When performing live with her band Metric, Emily Haines sings and plays two synthesizers. Her primary synthesizer is a Sequential Circuits Pro-One, which she has played since the band's early years. As secondary synthesizer, she played a Kawai MP9000 in Metric's early years, which was replaced by E-mu PK-6 Proteus Keys from 2003 to 2011, and followed by Clavia Nord Wave since 2012.
During some Metric live songs, Haines also plays a tambourine or an electric guitar. During Metric acoustic appearances, Haines sings and sometimes plays piano or harmonica, while her band mate James Shaw plays the acoustic guitar.
When performing live as Emily Haines & The Soft Skeleton, she sings and plays a piano.
Emily Haines 
- Cut in Half and Also Double (1996)
Emily Haines & The Soft Skeleton 
- Knives Don't Have Your Back (2006, #28 in Canada)
- What Is Free to a Good Home? (2007)
- "Doctor Blind"
- "Our Hell"
- "Doctor Blind"
- "Our Hell"
- Old World Underground, Where Are You Now? (2003)
- Live It Out (2005)
- Grow Up and Blow Away (2007)
- Fantasies (2009)
- Synthetica (2012)
The following songs are credited with Emily Haines on either lead or backing vocals:
|Artist||Song||Album and Year|
|Broken Social Scene||"Anthems for a Seventeen-Year-Old Girl"||You Forgot It in People (2002)|
|"Looks Just Like the Sun"|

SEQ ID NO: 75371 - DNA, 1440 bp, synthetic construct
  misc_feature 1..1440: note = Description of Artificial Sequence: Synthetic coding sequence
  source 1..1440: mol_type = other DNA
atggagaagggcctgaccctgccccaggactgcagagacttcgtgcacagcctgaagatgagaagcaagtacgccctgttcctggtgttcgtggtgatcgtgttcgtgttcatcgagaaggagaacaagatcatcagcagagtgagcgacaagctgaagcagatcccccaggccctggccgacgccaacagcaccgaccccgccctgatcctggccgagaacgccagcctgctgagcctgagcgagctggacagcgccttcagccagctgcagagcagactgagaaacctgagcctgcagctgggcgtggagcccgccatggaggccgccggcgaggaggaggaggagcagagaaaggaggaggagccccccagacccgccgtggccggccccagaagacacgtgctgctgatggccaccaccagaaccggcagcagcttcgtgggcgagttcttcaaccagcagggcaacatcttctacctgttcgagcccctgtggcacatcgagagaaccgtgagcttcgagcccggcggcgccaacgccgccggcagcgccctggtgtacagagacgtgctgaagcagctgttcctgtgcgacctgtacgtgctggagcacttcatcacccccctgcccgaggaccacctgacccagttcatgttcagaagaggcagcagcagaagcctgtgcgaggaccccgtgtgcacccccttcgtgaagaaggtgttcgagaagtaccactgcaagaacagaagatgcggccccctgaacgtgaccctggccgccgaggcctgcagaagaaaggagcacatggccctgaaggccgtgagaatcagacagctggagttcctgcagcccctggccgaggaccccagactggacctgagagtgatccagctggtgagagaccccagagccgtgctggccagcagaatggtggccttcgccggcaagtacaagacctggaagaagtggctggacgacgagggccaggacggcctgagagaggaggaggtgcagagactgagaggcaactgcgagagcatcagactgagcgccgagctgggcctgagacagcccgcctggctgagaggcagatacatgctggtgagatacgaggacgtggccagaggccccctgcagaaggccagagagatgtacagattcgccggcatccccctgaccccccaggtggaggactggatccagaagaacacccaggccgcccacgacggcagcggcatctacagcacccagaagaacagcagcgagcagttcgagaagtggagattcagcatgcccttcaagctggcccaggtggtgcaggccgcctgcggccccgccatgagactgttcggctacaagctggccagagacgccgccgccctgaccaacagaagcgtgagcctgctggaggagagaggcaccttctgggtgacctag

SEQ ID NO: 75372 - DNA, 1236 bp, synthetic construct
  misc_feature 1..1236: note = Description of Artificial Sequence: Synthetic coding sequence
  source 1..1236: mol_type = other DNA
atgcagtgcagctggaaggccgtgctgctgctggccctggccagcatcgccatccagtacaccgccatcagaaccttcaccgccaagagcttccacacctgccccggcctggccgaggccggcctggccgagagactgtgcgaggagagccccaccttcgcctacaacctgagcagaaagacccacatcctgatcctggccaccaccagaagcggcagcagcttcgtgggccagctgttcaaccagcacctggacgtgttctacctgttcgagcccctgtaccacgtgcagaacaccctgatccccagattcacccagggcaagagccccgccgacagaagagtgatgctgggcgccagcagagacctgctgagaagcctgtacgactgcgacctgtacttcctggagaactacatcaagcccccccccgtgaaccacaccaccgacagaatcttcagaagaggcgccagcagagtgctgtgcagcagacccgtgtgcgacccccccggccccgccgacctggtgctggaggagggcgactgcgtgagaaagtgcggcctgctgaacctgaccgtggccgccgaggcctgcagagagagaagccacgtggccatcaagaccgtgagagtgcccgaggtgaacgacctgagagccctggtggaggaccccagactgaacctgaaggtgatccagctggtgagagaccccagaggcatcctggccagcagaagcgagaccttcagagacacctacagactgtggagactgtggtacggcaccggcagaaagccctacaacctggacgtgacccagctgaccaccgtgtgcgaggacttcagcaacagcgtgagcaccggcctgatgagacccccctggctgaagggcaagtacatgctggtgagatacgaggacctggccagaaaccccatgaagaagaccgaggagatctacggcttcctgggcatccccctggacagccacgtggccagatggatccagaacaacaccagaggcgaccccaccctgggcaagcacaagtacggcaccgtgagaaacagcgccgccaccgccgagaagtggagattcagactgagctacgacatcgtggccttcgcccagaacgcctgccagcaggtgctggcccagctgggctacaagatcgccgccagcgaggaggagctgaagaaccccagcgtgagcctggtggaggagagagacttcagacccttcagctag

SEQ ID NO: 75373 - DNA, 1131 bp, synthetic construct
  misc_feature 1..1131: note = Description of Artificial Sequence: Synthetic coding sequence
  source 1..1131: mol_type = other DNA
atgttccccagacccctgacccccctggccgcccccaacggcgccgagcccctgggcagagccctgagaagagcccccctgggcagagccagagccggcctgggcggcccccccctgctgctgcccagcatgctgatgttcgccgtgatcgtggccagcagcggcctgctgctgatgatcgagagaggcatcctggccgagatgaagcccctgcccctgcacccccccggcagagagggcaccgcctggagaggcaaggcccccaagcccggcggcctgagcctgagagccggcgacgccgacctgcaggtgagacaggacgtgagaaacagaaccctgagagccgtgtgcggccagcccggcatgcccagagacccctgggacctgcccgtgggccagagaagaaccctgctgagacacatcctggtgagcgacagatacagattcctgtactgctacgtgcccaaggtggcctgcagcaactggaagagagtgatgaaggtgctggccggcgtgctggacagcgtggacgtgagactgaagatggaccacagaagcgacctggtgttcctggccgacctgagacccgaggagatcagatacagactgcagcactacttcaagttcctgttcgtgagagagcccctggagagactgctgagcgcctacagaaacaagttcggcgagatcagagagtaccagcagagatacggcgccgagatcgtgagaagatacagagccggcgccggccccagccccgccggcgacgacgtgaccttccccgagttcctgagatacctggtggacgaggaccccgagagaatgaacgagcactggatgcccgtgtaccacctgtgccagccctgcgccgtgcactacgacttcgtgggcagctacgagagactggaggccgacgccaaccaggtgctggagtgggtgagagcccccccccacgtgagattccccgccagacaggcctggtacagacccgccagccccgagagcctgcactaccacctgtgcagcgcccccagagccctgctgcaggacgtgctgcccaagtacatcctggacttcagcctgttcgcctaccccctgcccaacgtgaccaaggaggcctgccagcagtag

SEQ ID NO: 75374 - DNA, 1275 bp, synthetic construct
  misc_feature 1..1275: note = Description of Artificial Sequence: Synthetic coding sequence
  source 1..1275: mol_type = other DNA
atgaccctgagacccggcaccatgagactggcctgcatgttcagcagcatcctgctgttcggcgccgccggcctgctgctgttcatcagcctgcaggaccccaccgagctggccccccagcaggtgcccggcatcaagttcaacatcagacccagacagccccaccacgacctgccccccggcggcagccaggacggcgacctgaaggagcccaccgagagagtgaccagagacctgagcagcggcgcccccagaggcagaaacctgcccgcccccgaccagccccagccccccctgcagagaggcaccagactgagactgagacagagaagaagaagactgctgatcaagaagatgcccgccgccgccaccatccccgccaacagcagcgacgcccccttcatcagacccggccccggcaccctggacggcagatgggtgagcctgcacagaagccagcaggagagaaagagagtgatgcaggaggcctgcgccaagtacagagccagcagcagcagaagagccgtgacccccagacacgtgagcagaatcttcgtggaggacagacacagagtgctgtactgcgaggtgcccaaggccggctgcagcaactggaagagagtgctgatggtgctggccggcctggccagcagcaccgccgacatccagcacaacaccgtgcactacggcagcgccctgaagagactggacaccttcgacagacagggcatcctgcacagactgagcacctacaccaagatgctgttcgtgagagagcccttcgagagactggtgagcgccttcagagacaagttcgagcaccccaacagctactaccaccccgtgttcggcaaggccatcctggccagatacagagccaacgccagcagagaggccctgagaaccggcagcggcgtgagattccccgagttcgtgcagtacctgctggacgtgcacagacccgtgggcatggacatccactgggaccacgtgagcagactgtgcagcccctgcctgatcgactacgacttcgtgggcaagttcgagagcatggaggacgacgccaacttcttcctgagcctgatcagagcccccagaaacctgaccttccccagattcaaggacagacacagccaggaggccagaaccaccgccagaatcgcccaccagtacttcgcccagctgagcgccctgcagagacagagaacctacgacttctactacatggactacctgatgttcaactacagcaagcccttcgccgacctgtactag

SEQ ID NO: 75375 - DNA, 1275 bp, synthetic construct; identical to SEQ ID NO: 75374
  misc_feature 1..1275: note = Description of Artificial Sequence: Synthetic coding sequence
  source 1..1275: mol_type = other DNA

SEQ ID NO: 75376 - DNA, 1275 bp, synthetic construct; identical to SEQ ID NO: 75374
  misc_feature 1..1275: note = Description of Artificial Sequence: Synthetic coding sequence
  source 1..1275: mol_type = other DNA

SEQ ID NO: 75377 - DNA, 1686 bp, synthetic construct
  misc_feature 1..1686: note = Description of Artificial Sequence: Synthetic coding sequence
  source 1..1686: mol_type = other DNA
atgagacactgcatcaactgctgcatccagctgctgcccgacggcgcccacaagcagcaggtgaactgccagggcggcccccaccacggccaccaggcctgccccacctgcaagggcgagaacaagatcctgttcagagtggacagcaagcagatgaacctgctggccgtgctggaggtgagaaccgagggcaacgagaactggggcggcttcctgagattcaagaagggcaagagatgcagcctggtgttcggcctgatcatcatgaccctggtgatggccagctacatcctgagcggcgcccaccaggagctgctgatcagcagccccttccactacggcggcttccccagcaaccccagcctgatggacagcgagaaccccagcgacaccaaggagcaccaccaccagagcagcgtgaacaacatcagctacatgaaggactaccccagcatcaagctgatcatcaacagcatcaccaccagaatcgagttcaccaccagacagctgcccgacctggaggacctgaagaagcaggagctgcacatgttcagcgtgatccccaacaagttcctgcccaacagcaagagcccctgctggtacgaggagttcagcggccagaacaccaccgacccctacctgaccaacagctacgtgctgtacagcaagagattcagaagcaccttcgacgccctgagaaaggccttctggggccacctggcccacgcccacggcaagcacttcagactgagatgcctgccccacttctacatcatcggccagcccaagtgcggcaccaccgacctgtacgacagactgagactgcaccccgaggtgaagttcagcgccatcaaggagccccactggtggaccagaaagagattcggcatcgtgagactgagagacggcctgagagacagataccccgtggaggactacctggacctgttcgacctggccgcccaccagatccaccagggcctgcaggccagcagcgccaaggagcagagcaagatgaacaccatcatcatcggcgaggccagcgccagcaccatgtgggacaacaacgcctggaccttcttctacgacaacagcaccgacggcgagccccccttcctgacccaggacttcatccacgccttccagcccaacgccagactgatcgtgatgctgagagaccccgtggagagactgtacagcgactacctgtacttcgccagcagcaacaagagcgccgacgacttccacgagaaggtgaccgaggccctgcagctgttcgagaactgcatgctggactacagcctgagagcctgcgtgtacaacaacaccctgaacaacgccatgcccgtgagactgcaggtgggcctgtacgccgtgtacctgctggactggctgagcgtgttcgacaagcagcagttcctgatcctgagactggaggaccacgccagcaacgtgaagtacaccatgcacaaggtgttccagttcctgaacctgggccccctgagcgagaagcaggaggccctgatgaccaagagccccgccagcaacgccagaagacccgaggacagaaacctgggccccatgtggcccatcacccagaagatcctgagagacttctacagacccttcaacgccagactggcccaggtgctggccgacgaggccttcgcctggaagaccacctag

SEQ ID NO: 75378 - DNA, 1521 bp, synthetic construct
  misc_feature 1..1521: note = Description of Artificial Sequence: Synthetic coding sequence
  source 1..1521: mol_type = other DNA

|"Backyards"||Bee Hives (2004)|
|"Windsurfing Nation"||Broken Social Scene (2005)|
|"Her Disappearing Theme"||To Be You and Me EP (2005)|
|"Sentimental X's"||Forgiveness Rock Record (2010)|
|Delerium||"Stopwatch Hearts"||Chimera (2003)|
|Jason Collett||"Hangover Days"||Idols of Exile (2005)|
|k-os||"Uptown Girl"||Yes! (2009)|
|KC Accidental||"Them (Pop Song No. 3333)"||Anthems for the Could've Bin Pills (2000)|
|MSTRKRFT||"She's Good For Business"||The Looks (2006)|
|Stars||"Going, Going, Gone"||Nightsongs (2001)|
|"On Peak Hill"|
|The Stills||"Baby Blues"||Without Feathers (2006)|
|Tiësto||"Knock You Out"||Kaleidoscope (2009)|
|The Crystal Method||"Come Back Clean"||Divided by Night (2009)|
|Todor Kobakov||"Carpe Diem"||Pop Music (2009)|
|Young Artists for Haiti||"Wavin' Flag"||—|
Guest appearances 
- Cameo appearance on the k-os music video, "Man I Used to Be".